PURPOSE - Because recent studies indicate that blocking the interaction between p53 and Mdm2 results in the nongenotoxic activation of p53, the authors sought to investigate whether the inhibition of p53-Mdm2 binding activates p53 and sensitizes human retinal epithelial cells to apoptosis.
METHODS - Apoptosis was evaluated by the activation of caspases and DNA fragmentation assays. The Mdm2 antagonist Nutlin-3 was used to dissociate p53 from Mdm2 and, thus, to increase p53 activity. Knockdown of p53 expression was accomplished by using p53 siRNA.
RESULTS - ARPE-19 and primary RPE cells expressed high levels of the antiapoptotic proteins Bcl-2 and Bcl-xL. Exposure of these cells to camptothecin (CPT) or TNF-α/ cycloheximide (CHX) failed to induce apoptosis. In contrast, treatment with the Mdm2 antagonist Nutlin-3 in the absence of CPT or TNF-α/CHX increased apoptosis. Activation of p53 in response to Nutlin-3 also increased levels of Noxa, p53-upregulated modulator of apoptosis (PUMA), and Siva-1, decreased expression of Bcl-2 and Bcl-xL, and simultaneously increased caspases-9 and -3 activities and DNA fragmentation. Knockdown of p53 decreased the basal expression of p21Cip1 and Bcl-2, inhibited the Nutlin-3-induced upregulation of Siva-1 and PUMA expression, and consequently inhibited caspase-3 activation.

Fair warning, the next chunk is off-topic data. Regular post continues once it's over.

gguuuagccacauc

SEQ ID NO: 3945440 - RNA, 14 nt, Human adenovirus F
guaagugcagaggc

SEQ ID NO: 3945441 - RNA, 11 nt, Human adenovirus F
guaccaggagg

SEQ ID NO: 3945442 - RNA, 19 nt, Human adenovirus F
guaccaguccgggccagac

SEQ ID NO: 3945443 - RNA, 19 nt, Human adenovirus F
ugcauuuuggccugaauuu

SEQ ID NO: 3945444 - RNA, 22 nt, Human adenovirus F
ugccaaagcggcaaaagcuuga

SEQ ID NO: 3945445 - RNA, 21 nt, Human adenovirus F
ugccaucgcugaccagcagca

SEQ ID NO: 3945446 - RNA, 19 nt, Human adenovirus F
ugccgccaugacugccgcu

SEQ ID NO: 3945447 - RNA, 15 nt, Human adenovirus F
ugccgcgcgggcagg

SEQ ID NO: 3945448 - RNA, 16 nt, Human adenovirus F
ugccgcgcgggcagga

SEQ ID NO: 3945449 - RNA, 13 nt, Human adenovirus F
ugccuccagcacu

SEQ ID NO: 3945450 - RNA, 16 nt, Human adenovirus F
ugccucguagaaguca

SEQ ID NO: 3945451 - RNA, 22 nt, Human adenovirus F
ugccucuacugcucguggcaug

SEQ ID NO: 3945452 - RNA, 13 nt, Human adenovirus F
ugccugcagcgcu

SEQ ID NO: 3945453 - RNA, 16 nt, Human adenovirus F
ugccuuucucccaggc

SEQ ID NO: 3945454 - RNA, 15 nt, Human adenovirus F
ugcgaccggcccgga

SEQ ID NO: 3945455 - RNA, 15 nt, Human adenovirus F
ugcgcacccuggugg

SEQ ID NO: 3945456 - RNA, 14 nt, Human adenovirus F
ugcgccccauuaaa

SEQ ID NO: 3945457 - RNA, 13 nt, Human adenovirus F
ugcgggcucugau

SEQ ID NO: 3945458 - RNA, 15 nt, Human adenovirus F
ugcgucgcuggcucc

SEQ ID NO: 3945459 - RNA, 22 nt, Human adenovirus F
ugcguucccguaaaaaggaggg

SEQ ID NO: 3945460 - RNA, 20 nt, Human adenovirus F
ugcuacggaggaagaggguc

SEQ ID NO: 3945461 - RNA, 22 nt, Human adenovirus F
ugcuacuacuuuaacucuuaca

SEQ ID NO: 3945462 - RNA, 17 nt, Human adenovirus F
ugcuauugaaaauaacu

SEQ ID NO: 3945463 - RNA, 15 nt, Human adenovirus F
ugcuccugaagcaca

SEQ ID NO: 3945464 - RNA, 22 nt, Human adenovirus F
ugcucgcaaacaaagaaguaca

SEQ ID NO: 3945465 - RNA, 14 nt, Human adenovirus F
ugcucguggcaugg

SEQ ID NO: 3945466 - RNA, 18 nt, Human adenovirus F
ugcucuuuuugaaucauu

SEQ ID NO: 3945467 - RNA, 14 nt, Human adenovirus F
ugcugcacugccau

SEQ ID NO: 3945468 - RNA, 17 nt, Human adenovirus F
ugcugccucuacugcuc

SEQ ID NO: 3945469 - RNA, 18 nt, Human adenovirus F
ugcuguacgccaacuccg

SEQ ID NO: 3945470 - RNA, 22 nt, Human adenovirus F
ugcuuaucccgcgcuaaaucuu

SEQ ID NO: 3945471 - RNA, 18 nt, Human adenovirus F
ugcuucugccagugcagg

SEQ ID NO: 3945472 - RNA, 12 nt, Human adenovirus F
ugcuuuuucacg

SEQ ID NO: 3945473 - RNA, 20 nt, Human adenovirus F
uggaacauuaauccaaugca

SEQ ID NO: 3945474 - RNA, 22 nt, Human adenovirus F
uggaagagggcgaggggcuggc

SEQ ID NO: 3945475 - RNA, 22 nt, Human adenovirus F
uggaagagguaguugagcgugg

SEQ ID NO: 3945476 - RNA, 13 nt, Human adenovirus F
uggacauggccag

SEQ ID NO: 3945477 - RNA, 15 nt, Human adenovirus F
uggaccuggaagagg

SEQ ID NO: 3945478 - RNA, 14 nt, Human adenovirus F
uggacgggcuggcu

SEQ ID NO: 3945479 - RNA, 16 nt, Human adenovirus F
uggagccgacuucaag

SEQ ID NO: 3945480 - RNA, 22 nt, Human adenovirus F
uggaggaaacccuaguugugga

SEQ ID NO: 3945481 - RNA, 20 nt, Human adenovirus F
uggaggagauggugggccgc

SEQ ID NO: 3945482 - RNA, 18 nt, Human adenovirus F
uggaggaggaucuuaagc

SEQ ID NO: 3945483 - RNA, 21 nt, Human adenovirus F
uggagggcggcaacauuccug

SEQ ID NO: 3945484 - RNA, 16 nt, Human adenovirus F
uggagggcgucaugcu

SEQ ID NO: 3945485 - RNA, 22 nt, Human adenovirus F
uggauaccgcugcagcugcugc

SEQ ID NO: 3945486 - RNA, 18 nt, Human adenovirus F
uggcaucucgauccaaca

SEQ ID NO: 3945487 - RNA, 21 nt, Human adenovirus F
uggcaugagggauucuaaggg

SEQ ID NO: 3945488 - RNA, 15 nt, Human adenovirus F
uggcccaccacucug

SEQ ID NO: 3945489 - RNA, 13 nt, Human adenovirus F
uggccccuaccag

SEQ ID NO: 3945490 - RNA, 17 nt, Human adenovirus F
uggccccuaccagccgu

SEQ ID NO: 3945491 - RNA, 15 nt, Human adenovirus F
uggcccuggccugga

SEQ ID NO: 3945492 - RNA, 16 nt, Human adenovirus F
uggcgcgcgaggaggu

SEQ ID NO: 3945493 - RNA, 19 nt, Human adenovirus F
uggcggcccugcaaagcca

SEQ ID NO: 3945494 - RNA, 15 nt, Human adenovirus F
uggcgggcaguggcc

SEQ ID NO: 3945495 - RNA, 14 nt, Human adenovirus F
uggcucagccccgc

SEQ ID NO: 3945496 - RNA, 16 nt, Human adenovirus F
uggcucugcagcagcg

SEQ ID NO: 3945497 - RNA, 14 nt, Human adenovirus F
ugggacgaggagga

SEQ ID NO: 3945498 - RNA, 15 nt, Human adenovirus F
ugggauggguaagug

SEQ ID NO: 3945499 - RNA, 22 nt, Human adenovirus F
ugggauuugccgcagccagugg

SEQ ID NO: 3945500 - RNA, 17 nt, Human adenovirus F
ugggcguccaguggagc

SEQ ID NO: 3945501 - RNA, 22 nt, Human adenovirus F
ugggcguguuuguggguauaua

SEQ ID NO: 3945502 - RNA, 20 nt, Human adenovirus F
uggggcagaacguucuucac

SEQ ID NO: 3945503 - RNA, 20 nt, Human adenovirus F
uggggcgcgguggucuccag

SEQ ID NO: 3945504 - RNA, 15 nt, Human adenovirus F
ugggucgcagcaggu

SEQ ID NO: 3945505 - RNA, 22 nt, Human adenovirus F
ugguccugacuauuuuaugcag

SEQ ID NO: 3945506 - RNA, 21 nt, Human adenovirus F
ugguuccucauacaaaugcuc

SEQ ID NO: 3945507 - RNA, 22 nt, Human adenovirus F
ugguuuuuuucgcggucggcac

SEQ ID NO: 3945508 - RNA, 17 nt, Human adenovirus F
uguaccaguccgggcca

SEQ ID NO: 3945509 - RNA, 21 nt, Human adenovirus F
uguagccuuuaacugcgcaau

CONCLUSIONS - These results indicate that the normally available pool of intracellular p53 is predominantly engaged in the regulation of cell cycle checkpoints by p21Cip1 and does not trigger apoptosis in response to DNA-damaging agents. However, the blockage of p53 binding to Mdm2 frees a pool of p53 that is sufficient, even in the absence of DNA-damaging agents, to increase the expression of proapoptotic targets and to override the resistance of RPE cells to apoptosis.